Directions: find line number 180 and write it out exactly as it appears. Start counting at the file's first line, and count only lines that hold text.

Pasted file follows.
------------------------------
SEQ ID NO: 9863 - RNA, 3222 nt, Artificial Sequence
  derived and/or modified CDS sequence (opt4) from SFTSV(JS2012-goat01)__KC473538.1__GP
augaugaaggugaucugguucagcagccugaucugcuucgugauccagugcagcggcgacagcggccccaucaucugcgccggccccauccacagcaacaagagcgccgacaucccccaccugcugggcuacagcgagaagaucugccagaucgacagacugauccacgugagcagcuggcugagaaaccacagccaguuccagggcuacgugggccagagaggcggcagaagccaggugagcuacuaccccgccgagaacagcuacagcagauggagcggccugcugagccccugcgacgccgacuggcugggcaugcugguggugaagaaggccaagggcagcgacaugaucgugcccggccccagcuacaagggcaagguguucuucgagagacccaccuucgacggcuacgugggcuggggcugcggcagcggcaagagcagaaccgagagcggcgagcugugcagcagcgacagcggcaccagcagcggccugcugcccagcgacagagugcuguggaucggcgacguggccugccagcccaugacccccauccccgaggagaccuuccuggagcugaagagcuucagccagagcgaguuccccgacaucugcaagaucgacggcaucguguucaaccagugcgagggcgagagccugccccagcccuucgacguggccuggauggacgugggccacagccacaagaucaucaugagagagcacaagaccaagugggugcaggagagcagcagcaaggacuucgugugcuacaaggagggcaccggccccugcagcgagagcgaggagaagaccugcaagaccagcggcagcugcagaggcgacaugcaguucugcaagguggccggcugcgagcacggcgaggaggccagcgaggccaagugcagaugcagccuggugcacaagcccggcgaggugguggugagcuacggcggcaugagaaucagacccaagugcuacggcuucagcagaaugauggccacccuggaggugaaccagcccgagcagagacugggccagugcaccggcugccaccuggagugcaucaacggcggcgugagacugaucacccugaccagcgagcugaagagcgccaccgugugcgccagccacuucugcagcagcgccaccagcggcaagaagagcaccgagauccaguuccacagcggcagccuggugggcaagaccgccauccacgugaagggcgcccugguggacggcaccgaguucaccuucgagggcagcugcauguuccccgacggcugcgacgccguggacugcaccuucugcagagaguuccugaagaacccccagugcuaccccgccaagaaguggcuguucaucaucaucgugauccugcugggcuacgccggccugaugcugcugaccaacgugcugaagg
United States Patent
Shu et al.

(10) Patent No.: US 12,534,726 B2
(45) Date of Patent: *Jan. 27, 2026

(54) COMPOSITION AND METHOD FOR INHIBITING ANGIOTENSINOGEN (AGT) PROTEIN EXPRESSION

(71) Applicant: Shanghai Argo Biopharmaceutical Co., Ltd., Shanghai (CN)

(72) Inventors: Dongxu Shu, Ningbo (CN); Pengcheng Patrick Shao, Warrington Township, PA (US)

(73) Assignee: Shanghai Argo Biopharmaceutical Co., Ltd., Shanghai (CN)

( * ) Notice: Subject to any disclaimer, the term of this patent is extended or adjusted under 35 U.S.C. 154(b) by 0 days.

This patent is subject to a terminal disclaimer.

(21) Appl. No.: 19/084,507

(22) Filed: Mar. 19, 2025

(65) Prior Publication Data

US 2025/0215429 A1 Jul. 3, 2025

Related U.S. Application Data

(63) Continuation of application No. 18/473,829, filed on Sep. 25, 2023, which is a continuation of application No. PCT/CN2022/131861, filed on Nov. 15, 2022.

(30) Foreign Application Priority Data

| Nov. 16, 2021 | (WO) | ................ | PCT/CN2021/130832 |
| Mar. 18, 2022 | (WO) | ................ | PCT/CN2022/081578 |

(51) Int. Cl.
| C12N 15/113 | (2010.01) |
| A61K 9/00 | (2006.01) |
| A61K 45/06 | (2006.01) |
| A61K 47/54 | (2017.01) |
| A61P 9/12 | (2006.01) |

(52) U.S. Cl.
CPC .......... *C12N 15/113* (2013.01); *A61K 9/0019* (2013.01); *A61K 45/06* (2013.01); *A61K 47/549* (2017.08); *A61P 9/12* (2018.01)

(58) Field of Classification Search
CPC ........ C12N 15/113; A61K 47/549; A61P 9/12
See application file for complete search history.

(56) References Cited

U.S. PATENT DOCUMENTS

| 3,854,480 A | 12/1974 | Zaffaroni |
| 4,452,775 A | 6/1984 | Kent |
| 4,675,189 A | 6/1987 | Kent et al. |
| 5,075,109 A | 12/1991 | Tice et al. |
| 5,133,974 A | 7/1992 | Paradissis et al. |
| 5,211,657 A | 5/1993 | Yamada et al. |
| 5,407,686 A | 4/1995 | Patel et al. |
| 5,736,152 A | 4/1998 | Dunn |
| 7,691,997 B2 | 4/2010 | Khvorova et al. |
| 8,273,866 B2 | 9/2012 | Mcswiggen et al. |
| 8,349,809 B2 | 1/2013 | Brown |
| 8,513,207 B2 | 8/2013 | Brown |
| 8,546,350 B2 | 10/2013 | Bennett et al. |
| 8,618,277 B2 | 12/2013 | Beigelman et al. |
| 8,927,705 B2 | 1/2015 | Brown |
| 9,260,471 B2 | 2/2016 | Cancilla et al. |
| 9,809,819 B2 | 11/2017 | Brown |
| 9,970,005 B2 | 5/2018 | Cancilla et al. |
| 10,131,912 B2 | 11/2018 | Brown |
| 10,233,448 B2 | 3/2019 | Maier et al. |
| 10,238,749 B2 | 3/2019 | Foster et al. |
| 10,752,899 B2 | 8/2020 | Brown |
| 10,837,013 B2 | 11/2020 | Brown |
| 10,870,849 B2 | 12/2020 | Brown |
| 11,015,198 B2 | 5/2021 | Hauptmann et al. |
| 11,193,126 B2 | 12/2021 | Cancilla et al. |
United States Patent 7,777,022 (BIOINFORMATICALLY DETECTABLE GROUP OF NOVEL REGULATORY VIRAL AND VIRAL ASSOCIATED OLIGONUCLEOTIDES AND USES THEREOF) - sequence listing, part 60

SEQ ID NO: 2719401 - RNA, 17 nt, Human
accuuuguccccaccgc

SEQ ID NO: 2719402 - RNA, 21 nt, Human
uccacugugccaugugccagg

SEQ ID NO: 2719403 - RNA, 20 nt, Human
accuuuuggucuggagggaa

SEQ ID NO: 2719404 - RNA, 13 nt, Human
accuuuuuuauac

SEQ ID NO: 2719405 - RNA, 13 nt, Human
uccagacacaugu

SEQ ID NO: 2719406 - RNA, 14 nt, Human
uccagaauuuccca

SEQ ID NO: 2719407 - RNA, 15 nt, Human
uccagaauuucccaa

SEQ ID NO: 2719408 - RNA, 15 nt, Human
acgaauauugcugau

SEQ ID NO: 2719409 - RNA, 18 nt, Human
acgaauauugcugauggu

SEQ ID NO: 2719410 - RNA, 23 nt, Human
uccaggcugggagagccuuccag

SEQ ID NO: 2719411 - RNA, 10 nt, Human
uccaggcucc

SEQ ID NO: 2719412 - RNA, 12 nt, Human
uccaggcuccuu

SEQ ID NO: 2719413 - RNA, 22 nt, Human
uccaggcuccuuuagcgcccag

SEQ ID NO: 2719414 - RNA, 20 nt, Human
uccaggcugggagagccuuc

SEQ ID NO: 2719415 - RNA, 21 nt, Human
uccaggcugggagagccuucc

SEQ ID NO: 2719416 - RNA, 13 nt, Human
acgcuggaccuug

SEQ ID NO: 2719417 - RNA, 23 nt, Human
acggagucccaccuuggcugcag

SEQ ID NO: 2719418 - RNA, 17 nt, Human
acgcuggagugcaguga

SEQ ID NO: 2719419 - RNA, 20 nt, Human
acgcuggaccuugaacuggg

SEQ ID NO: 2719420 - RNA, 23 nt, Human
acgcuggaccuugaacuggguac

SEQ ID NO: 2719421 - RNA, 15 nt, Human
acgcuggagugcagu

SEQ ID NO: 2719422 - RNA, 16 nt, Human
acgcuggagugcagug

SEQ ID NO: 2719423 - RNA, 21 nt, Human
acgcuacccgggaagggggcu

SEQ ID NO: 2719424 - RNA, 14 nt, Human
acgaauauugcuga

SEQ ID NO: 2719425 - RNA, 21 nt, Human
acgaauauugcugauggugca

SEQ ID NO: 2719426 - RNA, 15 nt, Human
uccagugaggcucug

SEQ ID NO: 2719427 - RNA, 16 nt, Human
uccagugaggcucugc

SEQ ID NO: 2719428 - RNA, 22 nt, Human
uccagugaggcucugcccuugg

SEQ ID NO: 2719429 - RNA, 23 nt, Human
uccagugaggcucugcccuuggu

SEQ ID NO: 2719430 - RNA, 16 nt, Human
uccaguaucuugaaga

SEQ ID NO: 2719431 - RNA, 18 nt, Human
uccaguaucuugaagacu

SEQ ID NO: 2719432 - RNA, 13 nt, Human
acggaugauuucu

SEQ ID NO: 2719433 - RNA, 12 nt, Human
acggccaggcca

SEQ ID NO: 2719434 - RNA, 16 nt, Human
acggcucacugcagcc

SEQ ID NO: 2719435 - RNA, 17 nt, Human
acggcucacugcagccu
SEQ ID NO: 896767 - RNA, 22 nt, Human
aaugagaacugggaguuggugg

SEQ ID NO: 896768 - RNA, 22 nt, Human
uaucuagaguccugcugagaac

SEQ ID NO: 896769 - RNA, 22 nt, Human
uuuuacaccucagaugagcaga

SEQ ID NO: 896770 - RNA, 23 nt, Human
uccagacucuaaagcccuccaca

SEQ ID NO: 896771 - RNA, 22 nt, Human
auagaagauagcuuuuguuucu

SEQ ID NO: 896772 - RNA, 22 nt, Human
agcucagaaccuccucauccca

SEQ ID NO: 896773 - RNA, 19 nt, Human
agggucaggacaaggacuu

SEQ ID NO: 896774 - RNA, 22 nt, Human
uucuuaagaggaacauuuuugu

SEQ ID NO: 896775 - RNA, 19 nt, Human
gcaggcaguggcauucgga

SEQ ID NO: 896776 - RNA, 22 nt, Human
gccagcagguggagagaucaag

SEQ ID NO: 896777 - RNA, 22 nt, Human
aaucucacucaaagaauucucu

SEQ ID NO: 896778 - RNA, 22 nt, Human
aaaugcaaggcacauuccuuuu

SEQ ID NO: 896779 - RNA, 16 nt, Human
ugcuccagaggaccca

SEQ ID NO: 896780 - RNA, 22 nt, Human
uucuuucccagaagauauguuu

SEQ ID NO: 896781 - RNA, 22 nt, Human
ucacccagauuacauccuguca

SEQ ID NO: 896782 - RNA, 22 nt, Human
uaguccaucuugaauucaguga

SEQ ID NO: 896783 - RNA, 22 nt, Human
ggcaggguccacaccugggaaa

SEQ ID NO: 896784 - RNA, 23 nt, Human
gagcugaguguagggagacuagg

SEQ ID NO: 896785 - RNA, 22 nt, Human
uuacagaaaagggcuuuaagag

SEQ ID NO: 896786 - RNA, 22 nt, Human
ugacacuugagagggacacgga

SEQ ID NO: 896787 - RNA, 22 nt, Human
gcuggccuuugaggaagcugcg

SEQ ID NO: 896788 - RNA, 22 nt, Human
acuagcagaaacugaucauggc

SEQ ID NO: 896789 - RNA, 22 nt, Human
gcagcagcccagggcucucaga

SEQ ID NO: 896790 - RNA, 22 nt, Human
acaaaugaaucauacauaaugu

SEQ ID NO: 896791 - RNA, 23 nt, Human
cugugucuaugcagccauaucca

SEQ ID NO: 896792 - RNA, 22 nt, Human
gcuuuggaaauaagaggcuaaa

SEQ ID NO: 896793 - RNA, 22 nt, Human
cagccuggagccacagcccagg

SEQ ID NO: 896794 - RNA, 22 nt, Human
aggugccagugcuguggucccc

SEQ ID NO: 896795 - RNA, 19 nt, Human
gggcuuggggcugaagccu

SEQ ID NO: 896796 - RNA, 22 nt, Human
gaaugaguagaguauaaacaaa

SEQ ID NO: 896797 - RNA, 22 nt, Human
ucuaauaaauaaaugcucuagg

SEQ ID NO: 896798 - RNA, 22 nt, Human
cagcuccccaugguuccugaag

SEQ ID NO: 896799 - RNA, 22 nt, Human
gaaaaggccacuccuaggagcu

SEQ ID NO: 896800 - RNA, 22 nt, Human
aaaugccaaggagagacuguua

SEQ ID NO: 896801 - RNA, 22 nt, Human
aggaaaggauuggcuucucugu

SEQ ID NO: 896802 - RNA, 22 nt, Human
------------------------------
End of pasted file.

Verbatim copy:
acaaaugaaucauacauaaugu